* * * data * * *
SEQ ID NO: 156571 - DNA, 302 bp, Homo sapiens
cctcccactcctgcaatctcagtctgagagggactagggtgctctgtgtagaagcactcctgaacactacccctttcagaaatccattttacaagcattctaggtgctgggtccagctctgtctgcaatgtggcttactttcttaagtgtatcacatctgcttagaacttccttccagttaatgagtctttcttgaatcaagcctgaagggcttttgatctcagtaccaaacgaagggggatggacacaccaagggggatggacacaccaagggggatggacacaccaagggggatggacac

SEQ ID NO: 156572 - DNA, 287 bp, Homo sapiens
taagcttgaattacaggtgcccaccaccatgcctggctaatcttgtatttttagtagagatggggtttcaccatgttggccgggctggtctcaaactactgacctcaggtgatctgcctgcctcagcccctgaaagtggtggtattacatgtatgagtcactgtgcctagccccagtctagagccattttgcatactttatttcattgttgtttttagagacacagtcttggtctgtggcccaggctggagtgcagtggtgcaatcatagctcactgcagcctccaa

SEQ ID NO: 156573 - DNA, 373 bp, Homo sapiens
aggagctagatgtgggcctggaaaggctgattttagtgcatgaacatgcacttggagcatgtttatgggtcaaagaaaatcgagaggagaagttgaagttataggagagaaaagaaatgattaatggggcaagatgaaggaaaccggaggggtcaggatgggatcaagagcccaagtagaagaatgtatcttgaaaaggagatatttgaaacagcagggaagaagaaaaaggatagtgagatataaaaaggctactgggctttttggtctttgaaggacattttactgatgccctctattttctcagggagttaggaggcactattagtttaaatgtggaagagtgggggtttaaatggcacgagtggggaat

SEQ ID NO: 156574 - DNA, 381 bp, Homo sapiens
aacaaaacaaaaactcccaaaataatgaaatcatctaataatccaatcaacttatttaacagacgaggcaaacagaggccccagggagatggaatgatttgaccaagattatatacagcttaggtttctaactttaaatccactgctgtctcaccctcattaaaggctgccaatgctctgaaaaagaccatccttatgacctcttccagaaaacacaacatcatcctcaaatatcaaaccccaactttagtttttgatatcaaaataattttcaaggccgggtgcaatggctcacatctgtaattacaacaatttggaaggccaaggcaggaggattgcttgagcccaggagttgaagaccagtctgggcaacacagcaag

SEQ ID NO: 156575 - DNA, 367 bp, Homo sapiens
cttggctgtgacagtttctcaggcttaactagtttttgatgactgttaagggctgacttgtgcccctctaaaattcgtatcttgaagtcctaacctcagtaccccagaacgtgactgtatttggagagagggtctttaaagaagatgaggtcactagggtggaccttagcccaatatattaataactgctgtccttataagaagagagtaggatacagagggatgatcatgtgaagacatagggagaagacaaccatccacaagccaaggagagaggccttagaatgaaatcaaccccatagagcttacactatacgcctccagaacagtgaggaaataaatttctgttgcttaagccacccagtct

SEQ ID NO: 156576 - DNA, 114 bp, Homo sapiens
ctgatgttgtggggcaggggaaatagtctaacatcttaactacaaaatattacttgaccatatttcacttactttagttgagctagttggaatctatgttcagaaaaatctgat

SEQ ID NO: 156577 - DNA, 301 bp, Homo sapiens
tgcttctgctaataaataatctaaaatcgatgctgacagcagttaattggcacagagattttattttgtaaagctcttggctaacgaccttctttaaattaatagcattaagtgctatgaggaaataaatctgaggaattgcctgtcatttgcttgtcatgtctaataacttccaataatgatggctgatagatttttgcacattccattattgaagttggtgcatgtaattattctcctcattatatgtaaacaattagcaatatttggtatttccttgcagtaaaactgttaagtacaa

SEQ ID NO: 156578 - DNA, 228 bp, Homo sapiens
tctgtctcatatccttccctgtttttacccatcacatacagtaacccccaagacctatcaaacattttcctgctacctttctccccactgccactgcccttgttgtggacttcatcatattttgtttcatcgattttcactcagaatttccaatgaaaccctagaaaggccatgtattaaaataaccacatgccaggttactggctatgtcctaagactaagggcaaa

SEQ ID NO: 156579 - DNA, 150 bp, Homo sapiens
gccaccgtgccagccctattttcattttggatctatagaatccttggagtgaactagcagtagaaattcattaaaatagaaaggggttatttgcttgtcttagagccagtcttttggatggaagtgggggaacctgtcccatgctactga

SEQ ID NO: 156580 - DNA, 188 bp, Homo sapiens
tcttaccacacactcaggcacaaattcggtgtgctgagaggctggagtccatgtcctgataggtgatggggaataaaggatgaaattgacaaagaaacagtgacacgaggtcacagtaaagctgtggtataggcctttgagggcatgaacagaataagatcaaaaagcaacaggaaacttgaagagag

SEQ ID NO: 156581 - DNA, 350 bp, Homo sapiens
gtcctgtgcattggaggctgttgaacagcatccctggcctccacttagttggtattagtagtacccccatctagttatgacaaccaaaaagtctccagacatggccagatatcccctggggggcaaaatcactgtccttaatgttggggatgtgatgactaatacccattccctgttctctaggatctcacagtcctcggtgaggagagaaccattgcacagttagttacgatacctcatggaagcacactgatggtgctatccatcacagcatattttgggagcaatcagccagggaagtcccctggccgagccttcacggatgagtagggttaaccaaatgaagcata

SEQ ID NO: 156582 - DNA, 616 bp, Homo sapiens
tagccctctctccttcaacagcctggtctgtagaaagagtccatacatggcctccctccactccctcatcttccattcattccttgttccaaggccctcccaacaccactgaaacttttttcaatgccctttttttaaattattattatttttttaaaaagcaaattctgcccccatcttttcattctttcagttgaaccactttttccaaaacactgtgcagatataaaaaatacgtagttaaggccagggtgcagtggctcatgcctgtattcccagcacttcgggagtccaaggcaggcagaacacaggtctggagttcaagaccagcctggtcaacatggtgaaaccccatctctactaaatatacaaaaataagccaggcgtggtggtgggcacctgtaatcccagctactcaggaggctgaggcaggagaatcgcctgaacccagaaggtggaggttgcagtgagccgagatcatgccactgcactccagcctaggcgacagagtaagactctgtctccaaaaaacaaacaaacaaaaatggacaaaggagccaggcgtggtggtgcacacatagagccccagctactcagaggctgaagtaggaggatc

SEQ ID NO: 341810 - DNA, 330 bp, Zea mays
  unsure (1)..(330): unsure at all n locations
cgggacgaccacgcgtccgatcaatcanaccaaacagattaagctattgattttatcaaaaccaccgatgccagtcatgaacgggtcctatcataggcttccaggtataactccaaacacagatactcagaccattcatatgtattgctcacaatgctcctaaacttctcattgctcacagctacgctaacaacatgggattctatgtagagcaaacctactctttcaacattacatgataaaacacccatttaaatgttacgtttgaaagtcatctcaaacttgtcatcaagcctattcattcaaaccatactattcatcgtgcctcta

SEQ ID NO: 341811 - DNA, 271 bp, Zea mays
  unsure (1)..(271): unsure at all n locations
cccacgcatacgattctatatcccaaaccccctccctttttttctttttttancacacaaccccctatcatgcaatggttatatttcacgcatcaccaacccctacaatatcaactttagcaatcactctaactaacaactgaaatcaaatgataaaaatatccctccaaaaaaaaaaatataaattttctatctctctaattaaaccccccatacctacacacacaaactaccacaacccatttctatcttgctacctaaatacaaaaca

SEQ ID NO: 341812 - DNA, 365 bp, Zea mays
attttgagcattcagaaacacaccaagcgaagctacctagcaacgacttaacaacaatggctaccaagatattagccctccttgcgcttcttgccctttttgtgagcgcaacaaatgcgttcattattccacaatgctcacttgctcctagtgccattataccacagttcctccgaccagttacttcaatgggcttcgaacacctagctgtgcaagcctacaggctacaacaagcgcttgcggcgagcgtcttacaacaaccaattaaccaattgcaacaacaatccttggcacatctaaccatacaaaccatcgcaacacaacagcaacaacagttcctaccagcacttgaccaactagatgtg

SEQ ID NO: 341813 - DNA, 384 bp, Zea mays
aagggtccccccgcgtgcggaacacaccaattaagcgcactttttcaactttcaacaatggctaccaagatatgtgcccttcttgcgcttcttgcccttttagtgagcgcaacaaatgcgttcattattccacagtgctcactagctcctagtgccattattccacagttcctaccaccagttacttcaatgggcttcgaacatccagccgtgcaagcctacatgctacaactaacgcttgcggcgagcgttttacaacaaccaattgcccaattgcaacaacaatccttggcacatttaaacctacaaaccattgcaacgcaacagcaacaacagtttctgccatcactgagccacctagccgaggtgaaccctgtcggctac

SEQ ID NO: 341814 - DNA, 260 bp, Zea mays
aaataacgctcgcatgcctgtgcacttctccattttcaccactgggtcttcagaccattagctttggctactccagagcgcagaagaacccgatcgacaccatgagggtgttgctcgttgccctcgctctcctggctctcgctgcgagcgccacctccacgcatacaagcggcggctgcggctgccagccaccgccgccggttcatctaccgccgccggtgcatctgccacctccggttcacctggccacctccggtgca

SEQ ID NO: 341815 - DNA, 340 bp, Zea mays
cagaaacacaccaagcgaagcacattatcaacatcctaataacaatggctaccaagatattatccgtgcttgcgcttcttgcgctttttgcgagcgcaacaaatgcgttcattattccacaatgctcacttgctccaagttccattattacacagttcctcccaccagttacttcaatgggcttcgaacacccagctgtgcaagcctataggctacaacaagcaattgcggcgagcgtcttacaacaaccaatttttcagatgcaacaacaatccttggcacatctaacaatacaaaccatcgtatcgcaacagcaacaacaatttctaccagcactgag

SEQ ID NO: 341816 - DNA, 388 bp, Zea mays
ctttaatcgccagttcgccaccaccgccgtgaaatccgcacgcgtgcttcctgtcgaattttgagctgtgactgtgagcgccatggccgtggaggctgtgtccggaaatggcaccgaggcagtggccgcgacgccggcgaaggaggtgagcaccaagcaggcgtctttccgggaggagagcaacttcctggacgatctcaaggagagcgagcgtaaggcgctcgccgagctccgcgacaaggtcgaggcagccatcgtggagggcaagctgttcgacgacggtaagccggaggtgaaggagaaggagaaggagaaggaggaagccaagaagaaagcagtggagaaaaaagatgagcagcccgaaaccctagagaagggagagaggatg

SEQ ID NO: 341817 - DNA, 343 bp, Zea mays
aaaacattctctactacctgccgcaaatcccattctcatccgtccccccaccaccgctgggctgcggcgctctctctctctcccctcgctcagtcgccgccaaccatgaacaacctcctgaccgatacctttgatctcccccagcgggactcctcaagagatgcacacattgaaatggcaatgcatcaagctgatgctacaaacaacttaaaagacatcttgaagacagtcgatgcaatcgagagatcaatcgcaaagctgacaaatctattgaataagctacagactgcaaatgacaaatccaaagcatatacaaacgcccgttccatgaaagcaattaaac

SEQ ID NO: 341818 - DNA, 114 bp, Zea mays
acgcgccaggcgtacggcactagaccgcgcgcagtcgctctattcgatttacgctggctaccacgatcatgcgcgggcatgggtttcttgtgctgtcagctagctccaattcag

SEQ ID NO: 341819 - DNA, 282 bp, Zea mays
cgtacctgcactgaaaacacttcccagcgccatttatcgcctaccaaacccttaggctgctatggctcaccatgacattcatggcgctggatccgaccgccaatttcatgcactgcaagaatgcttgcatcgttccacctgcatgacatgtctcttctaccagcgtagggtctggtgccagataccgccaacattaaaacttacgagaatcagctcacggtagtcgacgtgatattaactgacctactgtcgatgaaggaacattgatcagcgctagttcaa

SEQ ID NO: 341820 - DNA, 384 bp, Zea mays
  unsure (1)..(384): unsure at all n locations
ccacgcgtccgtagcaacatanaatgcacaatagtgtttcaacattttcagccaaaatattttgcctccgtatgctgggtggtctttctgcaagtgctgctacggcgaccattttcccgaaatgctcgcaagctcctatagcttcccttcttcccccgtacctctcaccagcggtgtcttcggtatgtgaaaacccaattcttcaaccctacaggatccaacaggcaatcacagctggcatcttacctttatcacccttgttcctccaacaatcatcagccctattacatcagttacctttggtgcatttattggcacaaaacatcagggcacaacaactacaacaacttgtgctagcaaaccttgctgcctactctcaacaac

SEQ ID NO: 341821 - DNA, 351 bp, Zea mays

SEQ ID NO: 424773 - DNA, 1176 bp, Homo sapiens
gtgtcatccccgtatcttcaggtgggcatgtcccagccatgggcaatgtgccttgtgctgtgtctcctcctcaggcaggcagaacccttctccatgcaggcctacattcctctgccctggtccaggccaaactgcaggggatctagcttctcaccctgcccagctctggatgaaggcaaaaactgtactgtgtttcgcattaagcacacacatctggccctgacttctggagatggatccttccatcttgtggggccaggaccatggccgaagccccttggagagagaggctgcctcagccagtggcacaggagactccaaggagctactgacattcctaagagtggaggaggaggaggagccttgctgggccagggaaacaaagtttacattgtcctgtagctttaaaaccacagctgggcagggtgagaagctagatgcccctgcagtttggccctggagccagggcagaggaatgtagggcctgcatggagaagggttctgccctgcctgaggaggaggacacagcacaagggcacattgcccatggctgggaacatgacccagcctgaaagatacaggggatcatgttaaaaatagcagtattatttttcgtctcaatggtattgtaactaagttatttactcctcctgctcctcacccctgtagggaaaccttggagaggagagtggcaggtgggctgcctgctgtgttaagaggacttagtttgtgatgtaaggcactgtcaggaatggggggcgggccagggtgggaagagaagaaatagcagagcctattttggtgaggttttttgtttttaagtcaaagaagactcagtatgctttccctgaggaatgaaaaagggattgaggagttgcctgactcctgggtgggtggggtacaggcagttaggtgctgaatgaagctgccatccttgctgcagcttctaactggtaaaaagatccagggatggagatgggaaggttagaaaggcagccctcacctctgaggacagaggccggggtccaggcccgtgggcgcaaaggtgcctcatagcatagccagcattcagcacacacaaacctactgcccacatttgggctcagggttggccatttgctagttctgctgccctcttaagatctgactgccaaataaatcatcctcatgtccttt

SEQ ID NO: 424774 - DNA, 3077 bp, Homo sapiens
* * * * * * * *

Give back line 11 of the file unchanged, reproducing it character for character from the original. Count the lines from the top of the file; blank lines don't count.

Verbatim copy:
SEQ ID NO: 156576 - DNA, 114 bp, Homo sapiens